'You get to be Iron Man, buddy': Marvel features boy with hemophilia in comic
Published Tuesday, January 19, 2016 10:58AM EST
A five-year-old boy with a medical implant just got a big fist bump from one of Marvel's most famous Avengers.
Marvel Comics recently included five-year-old Max Levy in its "Invincible Iron Man" comic book, in a nod to the child's battle with hemophilia A. In the comic book cameo, "Iron Max" is shown meeting his favourite superhero, Iron Man. The comic shows Max trying on the Iron Man armour, and getting some words of encouragement from Tony Stark, Iron Man's billionaire alter ego.
The comic book appearance comes after Max's father, Dan Levy, shared his son's story with Marvel through social media, using the hashtag #IronMax. Levy has also used the hashtag to raise money for hemophilia research at the Children's Hospital of Philadelphia, where Max is treated.
Max was diagnosed with hemophilia A at the age of three – a condition that required him to have a portable catheter device implanted in his chest, to help regulate his blood flow. Max's condition causes his blood to clot very slowly, meaning his cuts bleed for a long time before they scab over.
According to Levy's blog, he told Max at the time of the surgery that the implant would make him just like Iron Man – a notion that Max quickly embraced.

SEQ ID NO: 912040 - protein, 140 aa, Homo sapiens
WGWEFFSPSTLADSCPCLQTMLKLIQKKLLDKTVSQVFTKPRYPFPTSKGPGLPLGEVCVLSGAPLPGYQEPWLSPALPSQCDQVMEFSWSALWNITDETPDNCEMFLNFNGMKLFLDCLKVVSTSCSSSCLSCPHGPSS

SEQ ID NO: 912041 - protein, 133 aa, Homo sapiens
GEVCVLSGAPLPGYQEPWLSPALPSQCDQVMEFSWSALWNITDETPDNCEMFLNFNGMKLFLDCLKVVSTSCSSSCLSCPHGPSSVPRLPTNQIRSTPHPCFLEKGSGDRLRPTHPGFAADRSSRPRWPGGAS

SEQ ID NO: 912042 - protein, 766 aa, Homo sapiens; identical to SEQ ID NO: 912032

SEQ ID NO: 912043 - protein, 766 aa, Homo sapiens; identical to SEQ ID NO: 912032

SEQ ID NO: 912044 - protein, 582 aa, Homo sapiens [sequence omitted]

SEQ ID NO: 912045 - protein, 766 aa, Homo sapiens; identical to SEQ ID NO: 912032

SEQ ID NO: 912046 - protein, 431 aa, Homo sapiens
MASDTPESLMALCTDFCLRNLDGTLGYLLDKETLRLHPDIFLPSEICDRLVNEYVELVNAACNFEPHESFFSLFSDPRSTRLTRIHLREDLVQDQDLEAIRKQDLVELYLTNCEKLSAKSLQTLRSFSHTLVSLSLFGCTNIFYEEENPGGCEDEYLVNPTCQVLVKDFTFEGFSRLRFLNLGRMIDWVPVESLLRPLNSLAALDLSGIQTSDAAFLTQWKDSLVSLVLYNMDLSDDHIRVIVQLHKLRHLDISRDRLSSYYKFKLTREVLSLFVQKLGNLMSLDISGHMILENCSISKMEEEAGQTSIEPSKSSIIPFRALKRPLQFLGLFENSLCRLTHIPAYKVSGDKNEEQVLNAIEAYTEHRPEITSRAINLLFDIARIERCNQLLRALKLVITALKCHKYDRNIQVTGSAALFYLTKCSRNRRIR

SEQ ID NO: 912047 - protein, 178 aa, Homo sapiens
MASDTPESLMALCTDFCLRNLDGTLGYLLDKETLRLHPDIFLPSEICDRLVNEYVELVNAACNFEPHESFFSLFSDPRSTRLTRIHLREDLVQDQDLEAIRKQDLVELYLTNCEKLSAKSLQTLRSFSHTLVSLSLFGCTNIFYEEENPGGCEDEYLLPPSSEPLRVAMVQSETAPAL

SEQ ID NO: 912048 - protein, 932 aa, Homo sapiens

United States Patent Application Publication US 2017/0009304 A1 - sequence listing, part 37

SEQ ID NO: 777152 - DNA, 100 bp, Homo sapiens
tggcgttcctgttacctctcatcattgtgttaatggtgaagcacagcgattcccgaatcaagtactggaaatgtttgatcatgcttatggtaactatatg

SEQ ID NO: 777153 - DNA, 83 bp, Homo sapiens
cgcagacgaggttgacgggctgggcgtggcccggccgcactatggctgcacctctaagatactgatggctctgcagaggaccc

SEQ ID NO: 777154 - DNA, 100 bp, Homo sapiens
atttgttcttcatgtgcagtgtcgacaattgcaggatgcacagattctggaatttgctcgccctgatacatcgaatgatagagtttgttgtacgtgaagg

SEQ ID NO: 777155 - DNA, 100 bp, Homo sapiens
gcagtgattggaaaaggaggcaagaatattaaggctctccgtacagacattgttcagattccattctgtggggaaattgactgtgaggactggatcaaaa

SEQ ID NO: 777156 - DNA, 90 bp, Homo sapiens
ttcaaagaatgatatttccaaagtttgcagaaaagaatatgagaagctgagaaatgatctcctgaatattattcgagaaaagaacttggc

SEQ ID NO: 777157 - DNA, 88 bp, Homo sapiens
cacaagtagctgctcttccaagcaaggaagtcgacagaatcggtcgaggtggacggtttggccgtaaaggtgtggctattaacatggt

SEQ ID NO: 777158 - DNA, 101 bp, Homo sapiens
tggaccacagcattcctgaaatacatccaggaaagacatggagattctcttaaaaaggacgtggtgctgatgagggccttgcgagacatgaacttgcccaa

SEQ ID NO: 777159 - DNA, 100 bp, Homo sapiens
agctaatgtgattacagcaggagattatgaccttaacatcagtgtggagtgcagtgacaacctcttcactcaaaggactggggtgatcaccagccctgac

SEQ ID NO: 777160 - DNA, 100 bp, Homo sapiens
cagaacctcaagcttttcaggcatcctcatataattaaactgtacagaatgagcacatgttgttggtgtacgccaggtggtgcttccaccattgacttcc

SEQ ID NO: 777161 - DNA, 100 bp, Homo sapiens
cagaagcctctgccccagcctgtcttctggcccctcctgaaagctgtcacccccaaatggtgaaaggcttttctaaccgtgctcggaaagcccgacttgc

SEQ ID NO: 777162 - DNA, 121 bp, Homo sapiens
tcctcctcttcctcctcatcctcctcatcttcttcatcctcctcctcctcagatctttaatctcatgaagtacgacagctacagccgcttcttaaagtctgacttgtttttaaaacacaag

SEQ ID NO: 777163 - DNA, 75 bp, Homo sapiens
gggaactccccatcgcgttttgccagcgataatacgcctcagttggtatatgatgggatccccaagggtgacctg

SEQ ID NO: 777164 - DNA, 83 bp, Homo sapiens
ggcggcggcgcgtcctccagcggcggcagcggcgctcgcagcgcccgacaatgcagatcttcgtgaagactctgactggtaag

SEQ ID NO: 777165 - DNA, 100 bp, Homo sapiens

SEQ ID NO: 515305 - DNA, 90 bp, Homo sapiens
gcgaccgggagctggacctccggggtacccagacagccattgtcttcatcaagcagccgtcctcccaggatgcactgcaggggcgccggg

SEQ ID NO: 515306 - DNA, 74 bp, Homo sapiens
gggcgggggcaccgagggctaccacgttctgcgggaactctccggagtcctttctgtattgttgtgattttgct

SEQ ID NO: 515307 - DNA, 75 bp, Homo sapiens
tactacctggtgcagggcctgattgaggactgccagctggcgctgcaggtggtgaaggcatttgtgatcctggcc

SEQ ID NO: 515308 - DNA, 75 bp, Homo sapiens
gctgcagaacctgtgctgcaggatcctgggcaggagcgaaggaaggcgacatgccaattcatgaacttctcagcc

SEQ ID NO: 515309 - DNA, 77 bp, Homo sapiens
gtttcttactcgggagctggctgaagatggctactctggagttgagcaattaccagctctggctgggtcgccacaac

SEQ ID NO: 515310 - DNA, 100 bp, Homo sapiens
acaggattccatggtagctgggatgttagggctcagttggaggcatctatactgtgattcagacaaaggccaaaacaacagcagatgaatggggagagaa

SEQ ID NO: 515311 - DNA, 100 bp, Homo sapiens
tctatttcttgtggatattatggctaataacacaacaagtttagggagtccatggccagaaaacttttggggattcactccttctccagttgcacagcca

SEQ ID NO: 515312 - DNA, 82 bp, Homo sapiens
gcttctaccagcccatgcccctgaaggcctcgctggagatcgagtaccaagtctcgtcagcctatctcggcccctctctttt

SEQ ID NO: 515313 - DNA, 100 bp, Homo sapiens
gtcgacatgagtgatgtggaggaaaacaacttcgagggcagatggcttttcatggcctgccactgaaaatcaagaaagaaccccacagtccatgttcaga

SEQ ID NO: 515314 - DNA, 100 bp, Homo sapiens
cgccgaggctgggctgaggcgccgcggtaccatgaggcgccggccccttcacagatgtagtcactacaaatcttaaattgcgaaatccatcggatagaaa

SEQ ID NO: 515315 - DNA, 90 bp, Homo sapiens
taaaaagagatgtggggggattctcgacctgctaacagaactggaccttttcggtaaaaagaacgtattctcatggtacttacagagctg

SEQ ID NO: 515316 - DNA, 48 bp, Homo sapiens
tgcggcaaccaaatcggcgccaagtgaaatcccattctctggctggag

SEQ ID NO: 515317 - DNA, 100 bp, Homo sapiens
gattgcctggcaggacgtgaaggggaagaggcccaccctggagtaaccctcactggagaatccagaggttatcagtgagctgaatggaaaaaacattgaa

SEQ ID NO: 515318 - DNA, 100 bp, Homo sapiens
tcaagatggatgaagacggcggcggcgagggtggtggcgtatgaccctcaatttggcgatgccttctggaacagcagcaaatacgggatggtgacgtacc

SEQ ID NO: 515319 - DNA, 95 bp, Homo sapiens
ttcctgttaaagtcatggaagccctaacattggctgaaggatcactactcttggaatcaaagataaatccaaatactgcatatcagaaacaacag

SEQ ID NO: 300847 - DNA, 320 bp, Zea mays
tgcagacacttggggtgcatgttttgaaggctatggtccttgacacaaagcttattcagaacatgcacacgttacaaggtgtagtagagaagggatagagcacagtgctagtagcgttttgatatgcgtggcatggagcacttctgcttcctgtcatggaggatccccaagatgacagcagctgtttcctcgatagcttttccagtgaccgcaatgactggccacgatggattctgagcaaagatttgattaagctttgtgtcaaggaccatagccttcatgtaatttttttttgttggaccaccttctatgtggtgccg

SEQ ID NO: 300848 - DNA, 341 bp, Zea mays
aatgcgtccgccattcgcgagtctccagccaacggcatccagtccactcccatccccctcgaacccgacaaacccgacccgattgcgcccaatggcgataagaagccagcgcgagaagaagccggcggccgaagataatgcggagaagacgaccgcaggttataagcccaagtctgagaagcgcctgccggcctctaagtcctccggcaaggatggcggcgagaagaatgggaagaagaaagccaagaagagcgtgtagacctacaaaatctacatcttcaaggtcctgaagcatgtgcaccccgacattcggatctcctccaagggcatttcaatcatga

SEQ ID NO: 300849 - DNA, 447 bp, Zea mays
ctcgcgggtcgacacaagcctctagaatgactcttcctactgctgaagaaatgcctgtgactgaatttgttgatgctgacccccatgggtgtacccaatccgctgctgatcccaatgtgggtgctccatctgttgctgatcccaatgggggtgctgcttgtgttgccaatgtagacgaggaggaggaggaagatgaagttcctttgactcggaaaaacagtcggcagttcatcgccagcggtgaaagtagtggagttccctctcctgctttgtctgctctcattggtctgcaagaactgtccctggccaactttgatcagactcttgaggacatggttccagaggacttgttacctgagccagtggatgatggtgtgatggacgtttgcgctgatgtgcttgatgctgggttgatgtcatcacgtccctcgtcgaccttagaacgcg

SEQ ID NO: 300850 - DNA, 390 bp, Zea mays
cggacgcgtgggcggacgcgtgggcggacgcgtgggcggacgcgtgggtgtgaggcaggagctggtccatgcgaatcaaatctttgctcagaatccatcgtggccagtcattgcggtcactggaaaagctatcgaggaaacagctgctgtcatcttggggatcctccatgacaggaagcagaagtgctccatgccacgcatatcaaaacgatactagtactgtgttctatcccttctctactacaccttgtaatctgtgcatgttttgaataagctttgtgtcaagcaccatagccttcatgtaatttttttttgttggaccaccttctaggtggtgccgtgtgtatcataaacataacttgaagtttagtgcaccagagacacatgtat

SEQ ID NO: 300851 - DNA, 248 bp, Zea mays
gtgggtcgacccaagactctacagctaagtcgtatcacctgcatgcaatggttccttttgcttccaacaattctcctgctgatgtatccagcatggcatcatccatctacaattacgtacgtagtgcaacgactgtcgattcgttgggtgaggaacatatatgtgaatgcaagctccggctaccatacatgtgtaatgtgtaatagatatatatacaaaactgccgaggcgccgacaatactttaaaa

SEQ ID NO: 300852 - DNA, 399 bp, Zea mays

In the comics, Tony Stark has a super-powerful battery implanted in his chest, which keeps shards of shrapnel from migrating to his heart and killing him. The battery also doubles as a power source for his Iron Man armour.
"You get to be Iron Man, buddy," Levy recalled telling his son, in a post on his blog.
On the day of Max's surgery to get the device implanted, Levy tweeted at Marvel using the #IronMax hashtag, and Marvel responded. On June 25, 2014, the Iron Man movie account tweeted to Max, saying: "We're gonna be two of a kind." That same day, Brian Michael Bendis, writer of the "Invincible Iron Man" comic, vowed to put Max in an upcoming issue.
Bendis is heavily involved in various comic book and TV superhero properties, including Netflix's "Jessica Jones," which he co-created several years ago.
As a result, it took him more than a year to follow up on his promise, Levy said. But in September of last year, Bendis finally requested photos of Max and his dad, with the promise that they would "meet Iron Man in Issue 4."
The comic, written by Bendis and drawn by Dave Marquez, was released on Dec. 2, 2015.
In the comic introduction, Bendis wrote: "Since heroes belong in comics, we couldn't resist giving Max a cameo in ours!"
Bendis also refers to the Levy family's charitable initiative, called Hearts 4 Hemophilia, which sells calendars to raise money for hemophilia research at the Children's Hospital of Philadelphia.
The fundraiser has collected more than US$8,000 in donations.